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Blurred motion of people walking along the corridor in big library

Some campus libraries have 24-7 lounges or rooms that allow students to hang out, study or eat, benefiting commuter students, who may lack another space on their college campus.

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College students are known for their late-night study habits, but where do they go when the libraries close in the evenings?

Some colleges and universities have established 24-7 spaces connected to library facilities to support commuter students and others who need campus resources outside of typical operating hours. While services vary on each campus, the opportunity to study in a secure location at any time of day benefits students and their academic success.

The need: College libraries often have limited hours during the week and will expand hours during exam periods. A 2010 survey of 66 Association of Research Library members by a Washington University in St. Louis librarian found 36 percent of respondents have 24-7 or 24-5 access in limited spaces secured separately from the rest of the library.

Commuter students particularly face unique challenges compared to their residential peers in finding spaces to study, relax or eat a meal. Some campuses have a designated commuter lounge, but often these rooms have limited hours.

The setup: At Randolph-Macon College in Virginia, the McGraw-Page Library has a 24-7 study space on the first floor, the Abernathy Room. Inside are a printer, coffee machine, minifridge, vending machine, bathroom and a stack of lockers that students can use. The maximum capacity is 82.

Towson University in Maryland has a similar room, the Study Lounge, which has various seating arrangements, a printing station, coffee and food vending machines, and outlets for charging.

At Emporia State University, the spacious Library Learning Commons on the first floor is open at all times, featuring several desktop computers, a laptop kiosk and vending machines. Due to the popularity of the space, librarians are looking into creating a second 24-7 space for students, says Alex Mosakowski, first-year experience and student success librarian.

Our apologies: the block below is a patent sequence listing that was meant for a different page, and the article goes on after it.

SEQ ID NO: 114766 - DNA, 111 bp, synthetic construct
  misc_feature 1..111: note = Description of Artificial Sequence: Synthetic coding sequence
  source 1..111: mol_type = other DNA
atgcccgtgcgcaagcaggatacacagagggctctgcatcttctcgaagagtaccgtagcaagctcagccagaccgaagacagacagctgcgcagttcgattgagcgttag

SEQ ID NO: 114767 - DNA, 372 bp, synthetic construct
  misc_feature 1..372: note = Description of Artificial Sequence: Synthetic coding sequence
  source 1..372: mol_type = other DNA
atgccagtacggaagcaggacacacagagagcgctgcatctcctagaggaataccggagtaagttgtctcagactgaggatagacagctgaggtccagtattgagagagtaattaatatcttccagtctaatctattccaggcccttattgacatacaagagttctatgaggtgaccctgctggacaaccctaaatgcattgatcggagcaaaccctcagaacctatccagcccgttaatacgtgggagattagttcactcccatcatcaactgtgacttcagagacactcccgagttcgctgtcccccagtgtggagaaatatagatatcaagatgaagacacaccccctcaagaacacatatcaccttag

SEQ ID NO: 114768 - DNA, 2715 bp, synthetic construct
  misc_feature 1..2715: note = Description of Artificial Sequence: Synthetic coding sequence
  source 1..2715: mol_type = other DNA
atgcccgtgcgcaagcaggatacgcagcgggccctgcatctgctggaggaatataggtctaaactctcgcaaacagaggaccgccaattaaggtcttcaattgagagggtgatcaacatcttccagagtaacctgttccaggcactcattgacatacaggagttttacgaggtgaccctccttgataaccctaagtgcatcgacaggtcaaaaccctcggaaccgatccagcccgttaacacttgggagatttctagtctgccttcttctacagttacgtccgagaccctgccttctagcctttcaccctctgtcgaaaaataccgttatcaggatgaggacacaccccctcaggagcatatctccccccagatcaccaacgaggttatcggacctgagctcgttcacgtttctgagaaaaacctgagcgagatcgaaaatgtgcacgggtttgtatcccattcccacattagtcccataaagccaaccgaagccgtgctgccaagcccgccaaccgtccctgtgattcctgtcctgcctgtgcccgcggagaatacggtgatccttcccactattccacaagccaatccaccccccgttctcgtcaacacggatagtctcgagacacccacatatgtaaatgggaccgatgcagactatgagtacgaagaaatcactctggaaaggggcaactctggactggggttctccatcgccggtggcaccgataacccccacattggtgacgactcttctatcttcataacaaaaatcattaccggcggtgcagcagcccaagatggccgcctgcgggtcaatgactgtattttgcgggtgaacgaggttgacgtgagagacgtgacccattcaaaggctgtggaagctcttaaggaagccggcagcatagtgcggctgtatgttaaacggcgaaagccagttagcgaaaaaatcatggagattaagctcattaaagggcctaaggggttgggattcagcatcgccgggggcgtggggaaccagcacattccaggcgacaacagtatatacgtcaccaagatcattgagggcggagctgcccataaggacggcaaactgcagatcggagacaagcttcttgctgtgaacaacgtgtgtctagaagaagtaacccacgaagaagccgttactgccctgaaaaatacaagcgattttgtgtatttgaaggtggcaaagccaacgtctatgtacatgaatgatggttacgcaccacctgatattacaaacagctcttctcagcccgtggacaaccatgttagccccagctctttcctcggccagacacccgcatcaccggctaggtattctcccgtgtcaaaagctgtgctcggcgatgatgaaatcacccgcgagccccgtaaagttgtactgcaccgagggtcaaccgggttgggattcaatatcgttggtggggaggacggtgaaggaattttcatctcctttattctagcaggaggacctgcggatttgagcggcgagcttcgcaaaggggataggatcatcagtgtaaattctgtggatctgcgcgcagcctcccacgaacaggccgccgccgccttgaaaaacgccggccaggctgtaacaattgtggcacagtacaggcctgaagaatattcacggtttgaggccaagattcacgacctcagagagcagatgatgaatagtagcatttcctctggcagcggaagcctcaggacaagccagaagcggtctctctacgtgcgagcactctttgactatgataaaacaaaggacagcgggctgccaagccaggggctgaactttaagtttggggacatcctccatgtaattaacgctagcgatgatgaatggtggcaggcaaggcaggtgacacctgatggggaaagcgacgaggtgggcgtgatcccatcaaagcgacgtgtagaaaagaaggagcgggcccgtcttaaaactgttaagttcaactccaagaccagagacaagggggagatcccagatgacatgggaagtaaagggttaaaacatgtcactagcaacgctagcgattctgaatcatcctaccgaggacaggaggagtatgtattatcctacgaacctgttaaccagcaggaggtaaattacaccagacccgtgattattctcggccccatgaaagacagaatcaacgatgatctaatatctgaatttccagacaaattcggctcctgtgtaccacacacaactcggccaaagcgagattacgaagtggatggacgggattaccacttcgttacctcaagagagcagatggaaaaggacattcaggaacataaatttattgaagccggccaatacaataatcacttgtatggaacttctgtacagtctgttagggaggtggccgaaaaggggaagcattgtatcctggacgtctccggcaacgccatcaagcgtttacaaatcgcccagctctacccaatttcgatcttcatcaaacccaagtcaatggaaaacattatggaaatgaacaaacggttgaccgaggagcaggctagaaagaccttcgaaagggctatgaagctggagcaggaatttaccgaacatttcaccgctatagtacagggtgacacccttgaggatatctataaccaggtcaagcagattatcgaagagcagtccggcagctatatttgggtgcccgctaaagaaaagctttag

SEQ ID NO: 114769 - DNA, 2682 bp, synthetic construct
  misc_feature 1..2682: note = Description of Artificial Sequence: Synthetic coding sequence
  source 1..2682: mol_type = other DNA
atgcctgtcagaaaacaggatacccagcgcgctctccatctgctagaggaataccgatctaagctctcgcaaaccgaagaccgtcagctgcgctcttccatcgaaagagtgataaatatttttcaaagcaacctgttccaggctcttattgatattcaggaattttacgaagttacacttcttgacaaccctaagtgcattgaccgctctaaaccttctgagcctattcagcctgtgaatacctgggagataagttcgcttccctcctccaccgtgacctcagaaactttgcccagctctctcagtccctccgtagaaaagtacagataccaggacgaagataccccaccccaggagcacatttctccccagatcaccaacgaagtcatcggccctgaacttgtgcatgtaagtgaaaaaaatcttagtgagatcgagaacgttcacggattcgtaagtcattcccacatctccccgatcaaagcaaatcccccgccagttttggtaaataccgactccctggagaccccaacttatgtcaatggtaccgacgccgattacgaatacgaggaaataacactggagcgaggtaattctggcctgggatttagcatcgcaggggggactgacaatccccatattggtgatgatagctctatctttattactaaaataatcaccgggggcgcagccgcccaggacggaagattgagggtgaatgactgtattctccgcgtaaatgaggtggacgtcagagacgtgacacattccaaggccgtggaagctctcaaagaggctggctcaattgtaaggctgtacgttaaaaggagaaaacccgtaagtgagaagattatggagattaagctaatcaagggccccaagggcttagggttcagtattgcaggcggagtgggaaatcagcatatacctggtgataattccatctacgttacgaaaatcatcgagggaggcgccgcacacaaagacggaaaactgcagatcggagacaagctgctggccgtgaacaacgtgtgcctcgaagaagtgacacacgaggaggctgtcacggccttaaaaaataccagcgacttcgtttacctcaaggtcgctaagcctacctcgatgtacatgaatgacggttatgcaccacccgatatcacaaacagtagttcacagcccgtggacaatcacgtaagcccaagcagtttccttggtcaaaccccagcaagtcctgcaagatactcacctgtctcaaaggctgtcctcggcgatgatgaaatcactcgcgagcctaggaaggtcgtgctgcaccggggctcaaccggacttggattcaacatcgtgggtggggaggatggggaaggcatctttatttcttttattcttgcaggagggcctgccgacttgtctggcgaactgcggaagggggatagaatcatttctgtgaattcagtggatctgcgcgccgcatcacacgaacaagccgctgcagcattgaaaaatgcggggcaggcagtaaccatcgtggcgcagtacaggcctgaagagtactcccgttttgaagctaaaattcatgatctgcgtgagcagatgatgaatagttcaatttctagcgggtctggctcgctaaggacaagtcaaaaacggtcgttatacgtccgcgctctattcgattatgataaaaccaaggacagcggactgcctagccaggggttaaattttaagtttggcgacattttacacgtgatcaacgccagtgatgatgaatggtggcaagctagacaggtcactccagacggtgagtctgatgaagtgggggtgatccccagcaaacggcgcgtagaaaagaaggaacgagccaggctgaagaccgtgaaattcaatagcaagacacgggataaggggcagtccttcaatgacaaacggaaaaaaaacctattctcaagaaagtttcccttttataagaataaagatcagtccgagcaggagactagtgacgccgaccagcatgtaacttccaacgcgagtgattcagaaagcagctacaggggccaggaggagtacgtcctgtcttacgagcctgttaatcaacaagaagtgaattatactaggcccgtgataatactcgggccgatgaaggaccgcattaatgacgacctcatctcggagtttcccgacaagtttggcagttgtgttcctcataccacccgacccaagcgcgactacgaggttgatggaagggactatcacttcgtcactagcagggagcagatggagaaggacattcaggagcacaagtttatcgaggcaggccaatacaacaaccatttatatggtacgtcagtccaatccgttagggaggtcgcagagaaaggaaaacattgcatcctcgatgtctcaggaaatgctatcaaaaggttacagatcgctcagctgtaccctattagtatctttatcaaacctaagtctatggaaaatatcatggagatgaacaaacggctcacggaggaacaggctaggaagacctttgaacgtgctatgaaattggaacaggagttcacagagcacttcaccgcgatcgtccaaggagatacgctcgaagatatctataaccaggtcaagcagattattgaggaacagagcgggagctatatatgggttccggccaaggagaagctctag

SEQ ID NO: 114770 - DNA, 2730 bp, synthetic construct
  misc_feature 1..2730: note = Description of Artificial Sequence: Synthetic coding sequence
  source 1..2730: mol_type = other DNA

American University in Washington, D.C., established 24-7 access to the Bender Library in fall 2022, allowing campus stakeholders to access the entire first floor of the library, which includes stacks and study spaces, study rooms, a mothers’ room, and restrooms.

Most commonly, colleges and universities (including those listed above) implement a digital security system for students, faculty or staff to swipe in to the 24-7 space, meaning there is no need for security or library staff to be on-site at all times.

Student perspective: “Space is important for all of our students, but particularly our commuter students,” Tim Berge, student success librarian at Randolph-Macon, shared in a conference session at the National Resource Center for the First-Year Experience and Students in Transition Annual Conference in Seattle.

Commuter students are more likely to spend more time in the library and therefore should be considered in how space is utilized, Berge added.

The addition of a coffee machine and the location of lockers, for example, were direct results of Berge meeting with commuter students and asking them about their experiences with the library.

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